Friday, May 10, 2013

Snap Decisions and Gender Relations: It's either now or too late

A male colleague and I had to make a snap decision yesterday. We had a deadline to meet in 20 minutes, but we came across a problem that needed to be resolved before a decision could be made.Unfortunately, the solution required the assistance of third parties and would have extended beyond the 20 minutes we had. My colleague asked me to execute a decision he was willing to take full responsibility for. He even put it in writing, but I hesitated. Not because I don't trust the man, but because our thinking processes were apparently starkly different.

I wanted to consider all options, get the supervisor's input and then make a decision. My colleague instead looked at the choices and made what I believed to be a hasty decision. I initially started honoring his request, but felt pretty uncomfortable. In the end, I went with my original plan and discussed the situation with the supervisor.

Turns out my colleague was right. His decision was the only viable solution under the circumstances and he made that determination in a shorter time span than I did. It had me thinking after the entire ordeal was over whether our decision making process was gender related. For the most part, women are more deliberate and methodical. We're more comfortable thinking things through and then making a decision. I understand this may be crossing the boundary into stereotyping, but it is usually the case.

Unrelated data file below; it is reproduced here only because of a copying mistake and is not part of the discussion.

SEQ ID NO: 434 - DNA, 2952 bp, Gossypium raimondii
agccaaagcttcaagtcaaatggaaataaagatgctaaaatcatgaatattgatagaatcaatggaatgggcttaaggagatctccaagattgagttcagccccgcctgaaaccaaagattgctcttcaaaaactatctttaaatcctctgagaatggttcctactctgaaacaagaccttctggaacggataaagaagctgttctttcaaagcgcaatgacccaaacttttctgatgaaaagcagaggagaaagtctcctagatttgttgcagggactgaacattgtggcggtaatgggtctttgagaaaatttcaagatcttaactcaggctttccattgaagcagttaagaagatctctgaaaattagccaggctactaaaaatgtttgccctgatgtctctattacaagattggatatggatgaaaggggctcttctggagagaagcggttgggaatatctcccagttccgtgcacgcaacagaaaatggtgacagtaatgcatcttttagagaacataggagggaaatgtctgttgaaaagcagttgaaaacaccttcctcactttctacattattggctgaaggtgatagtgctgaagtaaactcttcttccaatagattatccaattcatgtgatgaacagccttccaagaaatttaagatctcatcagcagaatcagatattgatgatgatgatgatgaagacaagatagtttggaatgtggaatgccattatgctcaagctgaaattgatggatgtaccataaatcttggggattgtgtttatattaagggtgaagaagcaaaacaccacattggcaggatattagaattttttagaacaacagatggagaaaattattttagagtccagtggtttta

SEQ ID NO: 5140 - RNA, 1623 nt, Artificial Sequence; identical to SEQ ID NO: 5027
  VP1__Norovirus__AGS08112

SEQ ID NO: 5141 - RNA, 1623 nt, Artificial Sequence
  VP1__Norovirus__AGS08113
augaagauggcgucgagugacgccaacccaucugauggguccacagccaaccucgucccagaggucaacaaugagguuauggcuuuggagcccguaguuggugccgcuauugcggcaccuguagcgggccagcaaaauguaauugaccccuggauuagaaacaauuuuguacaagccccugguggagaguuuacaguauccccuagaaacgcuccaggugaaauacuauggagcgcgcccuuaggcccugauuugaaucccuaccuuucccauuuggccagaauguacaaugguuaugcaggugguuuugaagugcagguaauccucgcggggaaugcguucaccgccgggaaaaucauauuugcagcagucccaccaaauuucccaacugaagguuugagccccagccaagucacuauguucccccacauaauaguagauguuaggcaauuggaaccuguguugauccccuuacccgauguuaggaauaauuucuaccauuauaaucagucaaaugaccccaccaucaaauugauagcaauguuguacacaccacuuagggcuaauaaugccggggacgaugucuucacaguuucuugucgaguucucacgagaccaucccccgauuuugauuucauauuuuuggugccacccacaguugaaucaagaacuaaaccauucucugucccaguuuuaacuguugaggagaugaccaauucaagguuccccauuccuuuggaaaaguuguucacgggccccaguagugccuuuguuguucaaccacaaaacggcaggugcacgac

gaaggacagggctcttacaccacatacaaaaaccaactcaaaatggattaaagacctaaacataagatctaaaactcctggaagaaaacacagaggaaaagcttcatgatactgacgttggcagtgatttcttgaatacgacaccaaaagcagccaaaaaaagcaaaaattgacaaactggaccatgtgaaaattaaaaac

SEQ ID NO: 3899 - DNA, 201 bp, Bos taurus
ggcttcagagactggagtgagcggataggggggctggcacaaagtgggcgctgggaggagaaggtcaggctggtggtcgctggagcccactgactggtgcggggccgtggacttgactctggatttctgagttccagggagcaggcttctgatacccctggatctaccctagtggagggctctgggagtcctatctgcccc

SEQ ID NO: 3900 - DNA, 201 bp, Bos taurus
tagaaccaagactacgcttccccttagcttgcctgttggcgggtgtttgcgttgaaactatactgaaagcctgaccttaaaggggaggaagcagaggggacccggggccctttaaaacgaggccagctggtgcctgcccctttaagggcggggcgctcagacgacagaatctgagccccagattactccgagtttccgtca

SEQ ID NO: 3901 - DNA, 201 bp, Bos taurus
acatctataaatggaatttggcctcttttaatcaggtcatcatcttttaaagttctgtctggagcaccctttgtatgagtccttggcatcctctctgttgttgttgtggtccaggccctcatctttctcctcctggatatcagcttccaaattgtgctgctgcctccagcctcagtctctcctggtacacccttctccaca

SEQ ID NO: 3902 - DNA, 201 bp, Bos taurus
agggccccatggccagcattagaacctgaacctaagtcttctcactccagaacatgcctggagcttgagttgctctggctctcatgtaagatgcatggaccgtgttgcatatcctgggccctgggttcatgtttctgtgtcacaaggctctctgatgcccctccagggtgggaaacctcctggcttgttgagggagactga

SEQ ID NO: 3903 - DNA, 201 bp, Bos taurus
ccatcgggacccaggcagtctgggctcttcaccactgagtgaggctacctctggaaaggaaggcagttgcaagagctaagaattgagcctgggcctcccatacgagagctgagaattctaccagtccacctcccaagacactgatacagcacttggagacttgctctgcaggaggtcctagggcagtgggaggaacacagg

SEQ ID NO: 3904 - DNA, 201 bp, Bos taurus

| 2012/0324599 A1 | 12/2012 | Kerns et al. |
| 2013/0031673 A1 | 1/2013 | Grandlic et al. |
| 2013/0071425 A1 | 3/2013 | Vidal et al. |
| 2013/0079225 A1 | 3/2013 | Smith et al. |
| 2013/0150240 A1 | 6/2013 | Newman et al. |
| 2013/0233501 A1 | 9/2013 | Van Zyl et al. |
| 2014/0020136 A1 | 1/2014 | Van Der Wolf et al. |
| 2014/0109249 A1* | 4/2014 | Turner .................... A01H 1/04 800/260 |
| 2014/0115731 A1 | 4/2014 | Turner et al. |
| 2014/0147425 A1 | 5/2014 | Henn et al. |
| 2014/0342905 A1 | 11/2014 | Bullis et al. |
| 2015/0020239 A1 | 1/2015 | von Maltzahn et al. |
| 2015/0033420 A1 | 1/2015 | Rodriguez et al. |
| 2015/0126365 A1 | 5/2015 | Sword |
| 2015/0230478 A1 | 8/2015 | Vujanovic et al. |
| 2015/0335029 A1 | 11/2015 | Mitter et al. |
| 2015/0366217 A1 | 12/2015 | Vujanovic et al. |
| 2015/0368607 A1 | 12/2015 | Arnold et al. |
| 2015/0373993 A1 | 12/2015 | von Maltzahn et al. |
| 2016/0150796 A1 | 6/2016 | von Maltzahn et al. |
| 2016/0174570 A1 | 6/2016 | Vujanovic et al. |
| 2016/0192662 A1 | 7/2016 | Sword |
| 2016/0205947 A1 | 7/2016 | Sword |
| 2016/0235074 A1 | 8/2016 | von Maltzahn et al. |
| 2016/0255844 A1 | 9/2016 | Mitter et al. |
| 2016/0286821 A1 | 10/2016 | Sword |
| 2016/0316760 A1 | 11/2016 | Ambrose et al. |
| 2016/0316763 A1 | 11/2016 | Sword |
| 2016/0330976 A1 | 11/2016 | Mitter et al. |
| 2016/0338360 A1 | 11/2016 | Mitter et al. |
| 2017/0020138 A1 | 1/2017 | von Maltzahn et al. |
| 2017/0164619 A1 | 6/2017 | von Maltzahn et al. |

Turns out the gender thing did not apply here. I was raised by a mother who honored caution. Quick decisions made her uncomfortable, and she criticized me when I pushed her to make one. So I
learned to take my time. Not that I'm complaining, because this process has worked for me so far. But yesterday's experience taught me that's not always the case. Had I waited longer to make a decision, it would have created a problem. My colleague instinctively knew that. He knew he was taking a risk and he was okay with that, but he was responsible enough to hold himself accountable for any unintended consequences. He was able to take the initiative, look at the facts before him, and make a decision without any outside approval.

Here's what I learned from this experience:

  • Believe in your abilities. Have confidence in the experience and knowledge you have.
  • Don't overanalyze. Look at the facts before you and make that decision based on those facts.
  • Limit the alternatives to the issue at hand. Forget the 'what-if's' and 'maybe's'.
  • Have a rational argument prepared to defend your decision. My colleague listed off his reasoning before the decision was ever implemented based on the facts and the situation, not what he thought would happen in the future.
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  • Understand that there are times when you should take your time and times when you need to decide at a moment's notice - and know the difference. And when in doubt, always trust your gut feeling.
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